This year, Iceland became the smallest country ever to have its men’s soccer team qualify for the World Cup.
To celebrate, Icelandair, which sponsors the team, is launching a special soccer-themed version of its famed stopover program.
Passengers can apply to participate in Team Iceland Stopover: a selection of 90-minute, soccer-inspired experiences curated by members of Iceland’s men’s and women’s teams and taking place from May 29 through the end of June, 2018.
The experiences range from attending either a National Men’s or Women’s team match and hanging with midfielder Birkir Bjarnason at his favorite geothermal area to attending the June 16 party to celebrate Iceland’s World Cup match.
Anyone can apply to be part of the Team Iceland Stopover experiences, but there are limited spots. You’ll need to be flying on Icelandair and your itinerary will need to match up with the program events. See the Icelandair website for more details.
Icelandair took its first new Boeing 737 MAX 8 on a celebratory flight on Saturday, flying north from the in-city Reykjavík Airport for a one-hour special flight over stunning mountains and landscape before returning to the airport for a welcome party that included tours of the aircraft for hundreds of invited guests.
I was fortunate to go along for the flight.
All Icelandair planes are named after Icelandic volcanoes, glaciers or other areas of Iceland’s landscape and this new Boeing 737 MAX 8, is named Jökulsárlon, after a glacial lagoon.
Here are some more snaps from the flight:
Invited guests on the flight got to taste a special 737 Transatlantic Pale Ale, which will be available for purchase onboard Icelandair flights, starting at the end of May, for a few months.
Sigurður Helgason, Icelandair’s past CEO and Bjorgolfur Johannsson, the current President & CEO, toast the new plane with cans of the special 737 Transatlantic IPA.
Hundreds of invited guests came to the airport to welcome the plane and lined up for a tour. But first the red carpet had to put out.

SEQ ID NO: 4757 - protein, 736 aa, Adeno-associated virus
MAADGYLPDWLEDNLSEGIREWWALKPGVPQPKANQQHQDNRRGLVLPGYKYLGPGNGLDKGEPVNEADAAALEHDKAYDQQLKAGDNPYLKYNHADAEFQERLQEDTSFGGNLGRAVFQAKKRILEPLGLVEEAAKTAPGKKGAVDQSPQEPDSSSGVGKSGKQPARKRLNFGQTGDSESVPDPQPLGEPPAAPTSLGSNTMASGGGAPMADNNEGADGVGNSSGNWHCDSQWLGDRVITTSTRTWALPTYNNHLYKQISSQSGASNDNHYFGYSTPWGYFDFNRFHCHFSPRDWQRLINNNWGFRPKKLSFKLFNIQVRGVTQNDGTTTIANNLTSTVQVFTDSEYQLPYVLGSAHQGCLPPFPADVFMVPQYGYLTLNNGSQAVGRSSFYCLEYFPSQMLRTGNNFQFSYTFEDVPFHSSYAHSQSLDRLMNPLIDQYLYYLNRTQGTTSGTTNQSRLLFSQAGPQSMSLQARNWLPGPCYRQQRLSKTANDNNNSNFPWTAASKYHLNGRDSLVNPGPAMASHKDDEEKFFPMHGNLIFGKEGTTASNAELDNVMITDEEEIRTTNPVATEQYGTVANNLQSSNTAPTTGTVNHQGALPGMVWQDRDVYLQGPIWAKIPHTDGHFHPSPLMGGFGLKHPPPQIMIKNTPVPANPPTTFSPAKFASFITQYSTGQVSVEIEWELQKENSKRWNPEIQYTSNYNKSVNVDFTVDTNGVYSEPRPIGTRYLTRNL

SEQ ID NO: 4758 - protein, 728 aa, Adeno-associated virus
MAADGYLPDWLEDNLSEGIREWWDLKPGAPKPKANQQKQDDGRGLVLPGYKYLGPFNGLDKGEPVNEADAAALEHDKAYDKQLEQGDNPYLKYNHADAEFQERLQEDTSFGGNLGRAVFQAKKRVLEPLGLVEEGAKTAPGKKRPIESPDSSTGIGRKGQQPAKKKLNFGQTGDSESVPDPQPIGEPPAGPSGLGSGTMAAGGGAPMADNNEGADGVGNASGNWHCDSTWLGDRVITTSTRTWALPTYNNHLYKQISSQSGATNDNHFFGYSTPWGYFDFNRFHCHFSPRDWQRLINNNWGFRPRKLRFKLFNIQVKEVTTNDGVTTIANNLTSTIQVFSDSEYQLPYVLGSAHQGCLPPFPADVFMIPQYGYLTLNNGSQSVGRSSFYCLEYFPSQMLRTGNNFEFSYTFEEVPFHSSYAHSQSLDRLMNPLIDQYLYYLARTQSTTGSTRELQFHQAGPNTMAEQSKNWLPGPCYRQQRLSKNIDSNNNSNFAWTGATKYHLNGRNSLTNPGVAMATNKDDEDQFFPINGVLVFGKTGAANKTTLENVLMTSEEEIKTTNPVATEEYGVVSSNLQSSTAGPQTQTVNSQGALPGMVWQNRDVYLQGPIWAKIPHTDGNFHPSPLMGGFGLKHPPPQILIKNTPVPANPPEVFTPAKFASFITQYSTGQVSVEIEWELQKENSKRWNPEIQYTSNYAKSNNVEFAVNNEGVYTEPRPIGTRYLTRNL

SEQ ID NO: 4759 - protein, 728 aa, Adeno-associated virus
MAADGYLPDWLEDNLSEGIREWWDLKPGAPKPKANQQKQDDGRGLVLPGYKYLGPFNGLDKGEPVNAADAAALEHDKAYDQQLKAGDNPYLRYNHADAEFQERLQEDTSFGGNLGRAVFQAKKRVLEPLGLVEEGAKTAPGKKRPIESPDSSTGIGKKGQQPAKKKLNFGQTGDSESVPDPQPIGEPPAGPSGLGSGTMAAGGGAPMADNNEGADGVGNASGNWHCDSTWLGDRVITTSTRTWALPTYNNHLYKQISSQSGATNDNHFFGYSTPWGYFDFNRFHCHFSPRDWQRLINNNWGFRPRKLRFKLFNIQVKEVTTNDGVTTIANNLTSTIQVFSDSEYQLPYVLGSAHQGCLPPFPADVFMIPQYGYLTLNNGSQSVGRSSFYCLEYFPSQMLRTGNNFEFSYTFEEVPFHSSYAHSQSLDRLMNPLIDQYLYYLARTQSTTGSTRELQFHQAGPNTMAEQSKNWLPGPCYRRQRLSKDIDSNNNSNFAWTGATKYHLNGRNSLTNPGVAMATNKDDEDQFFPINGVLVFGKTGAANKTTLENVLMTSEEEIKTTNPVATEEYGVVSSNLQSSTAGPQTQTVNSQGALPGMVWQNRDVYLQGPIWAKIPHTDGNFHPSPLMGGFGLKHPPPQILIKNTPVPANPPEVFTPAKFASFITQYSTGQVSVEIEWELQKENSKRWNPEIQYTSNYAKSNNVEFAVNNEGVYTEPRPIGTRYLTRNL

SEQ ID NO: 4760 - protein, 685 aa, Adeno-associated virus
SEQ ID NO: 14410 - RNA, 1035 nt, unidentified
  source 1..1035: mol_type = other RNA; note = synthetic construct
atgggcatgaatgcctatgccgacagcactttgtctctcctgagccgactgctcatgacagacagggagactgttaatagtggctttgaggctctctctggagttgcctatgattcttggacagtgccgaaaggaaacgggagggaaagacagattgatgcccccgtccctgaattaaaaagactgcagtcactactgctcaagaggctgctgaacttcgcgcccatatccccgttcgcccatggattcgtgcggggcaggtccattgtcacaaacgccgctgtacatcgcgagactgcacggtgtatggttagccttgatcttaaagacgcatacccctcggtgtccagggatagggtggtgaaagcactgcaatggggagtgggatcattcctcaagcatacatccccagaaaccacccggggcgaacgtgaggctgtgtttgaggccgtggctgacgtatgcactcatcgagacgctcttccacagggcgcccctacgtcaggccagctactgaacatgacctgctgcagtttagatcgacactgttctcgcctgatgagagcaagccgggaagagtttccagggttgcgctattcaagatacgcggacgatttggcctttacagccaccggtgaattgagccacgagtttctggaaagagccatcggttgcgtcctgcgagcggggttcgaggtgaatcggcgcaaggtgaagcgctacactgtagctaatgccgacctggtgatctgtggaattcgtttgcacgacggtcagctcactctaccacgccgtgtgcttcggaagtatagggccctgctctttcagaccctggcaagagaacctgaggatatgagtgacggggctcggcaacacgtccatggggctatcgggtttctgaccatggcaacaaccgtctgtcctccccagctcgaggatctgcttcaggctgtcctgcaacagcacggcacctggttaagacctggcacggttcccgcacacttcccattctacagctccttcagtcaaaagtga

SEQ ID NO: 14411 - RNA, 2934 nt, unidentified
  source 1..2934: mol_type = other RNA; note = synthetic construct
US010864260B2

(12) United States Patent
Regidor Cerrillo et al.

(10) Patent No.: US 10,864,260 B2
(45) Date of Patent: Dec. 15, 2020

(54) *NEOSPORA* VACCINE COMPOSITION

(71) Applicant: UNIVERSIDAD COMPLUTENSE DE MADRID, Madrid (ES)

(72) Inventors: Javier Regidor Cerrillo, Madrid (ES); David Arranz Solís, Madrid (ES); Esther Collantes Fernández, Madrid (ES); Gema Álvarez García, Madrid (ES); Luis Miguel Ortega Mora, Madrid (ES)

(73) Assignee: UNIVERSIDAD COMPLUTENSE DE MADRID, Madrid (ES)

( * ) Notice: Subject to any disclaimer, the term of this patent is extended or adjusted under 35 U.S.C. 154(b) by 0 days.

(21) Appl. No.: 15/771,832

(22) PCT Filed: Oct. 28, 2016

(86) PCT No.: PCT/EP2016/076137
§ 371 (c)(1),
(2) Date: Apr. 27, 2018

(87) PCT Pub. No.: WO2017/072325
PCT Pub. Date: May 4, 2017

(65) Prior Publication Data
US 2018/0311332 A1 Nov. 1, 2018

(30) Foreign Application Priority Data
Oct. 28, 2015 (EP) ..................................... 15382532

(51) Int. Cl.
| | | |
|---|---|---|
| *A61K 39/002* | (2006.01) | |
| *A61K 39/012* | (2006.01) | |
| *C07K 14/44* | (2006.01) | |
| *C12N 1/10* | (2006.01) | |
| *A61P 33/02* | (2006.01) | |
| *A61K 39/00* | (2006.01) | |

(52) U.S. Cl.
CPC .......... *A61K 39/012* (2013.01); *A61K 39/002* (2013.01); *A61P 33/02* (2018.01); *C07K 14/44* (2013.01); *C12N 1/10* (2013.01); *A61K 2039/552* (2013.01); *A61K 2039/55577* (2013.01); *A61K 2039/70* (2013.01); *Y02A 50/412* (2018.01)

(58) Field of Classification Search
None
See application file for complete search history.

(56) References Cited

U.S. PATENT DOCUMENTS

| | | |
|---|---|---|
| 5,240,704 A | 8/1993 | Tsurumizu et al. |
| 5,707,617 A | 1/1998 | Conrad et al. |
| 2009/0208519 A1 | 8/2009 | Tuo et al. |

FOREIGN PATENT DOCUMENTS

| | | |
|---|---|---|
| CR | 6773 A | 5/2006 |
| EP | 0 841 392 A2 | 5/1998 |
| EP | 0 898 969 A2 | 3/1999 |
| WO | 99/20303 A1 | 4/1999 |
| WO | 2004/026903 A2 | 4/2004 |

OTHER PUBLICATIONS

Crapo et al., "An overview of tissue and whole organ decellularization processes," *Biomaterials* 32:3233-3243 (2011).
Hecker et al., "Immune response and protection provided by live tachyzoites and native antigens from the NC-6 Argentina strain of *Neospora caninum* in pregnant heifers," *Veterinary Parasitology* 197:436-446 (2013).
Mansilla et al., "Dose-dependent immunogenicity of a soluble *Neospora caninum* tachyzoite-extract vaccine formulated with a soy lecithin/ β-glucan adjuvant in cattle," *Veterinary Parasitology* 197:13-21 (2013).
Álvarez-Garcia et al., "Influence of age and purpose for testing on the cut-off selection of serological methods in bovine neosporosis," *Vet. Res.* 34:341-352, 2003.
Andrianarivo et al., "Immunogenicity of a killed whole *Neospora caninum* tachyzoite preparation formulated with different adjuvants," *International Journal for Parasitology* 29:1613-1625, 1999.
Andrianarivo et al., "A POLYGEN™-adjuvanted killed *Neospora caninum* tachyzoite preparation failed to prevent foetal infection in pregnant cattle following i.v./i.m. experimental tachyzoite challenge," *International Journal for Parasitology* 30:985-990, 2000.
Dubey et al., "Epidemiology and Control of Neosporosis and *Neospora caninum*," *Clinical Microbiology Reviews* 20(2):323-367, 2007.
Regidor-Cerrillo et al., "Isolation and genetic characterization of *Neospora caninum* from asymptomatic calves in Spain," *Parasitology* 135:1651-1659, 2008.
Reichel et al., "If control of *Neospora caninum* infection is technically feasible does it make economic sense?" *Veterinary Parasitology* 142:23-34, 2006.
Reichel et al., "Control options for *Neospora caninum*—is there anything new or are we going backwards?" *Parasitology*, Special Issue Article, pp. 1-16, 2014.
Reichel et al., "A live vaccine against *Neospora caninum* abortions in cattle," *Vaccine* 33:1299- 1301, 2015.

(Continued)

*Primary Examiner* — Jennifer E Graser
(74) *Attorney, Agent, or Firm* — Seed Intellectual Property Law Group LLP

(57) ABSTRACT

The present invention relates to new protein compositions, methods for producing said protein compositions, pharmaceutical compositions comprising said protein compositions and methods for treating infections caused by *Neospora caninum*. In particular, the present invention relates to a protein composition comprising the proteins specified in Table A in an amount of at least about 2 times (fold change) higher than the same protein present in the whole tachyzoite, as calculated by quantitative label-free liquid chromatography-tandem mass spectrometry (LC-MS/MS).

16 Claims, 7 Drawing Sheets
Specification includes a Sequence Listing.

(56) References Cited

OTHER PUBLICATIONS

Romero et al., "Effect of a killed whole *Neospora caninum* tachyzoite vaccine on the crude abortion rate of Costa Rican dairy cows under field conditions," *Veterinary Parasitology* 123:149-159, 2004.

This is the first of 16 737 Max airplanes Icealandair will receive over the next four years, so keep an eye out for them in the skies and at your airport.
Last week Icelandair tried something new: an 11-hour immersive theater production that took place on a flight from London to New York, with an on-the-ground bonus performance during a short layover in Reykjavik.
I got to ride along.
The cast was a mix of professional actors from the London theater group, Gideon Reeling, and real airline employees, including pilots, engineers, accountants, ground workers and cabin crew, who had volunteered to attend a special stage school.
The characters ranged from film stars and flight attendants from various decades to a perky party planner, a stone-faced volcanologist, a ram farmer and a pair of barefoot, beaded hippies. And the plot was built around Icelandair’s 80-year history, its can-do philosophy and themes of empowerment for women.
The show – such as it was – took place on board, as the characters mingled with passengers, telling stories about their role in what turned out to be a kooky and somewhat complicated family all headed to a party for Edda who (spoiler alert…) never appeared.
I’m finishing up a story for NBC News about the event, but here are some snaps from the flight.
Icelandair is celebrating its 80th birthday with a fun promotion.
The airline already allows a free stopover in Iceland, but a new Icelandair Stopover Pass offers some fun extra perks.
From now until March 2018 passengers can apply to their have their standard boarding pass into a Stopover Pass, which offers exclusive access to a series of entertaining performances on land and in the sky.
The performances range from a three-act play on board a flight from London to New York via Iceland (starring Icelandair crew members), tickets to a private concert, trips to Icelandic football matches, backstage passes to a music festival and more.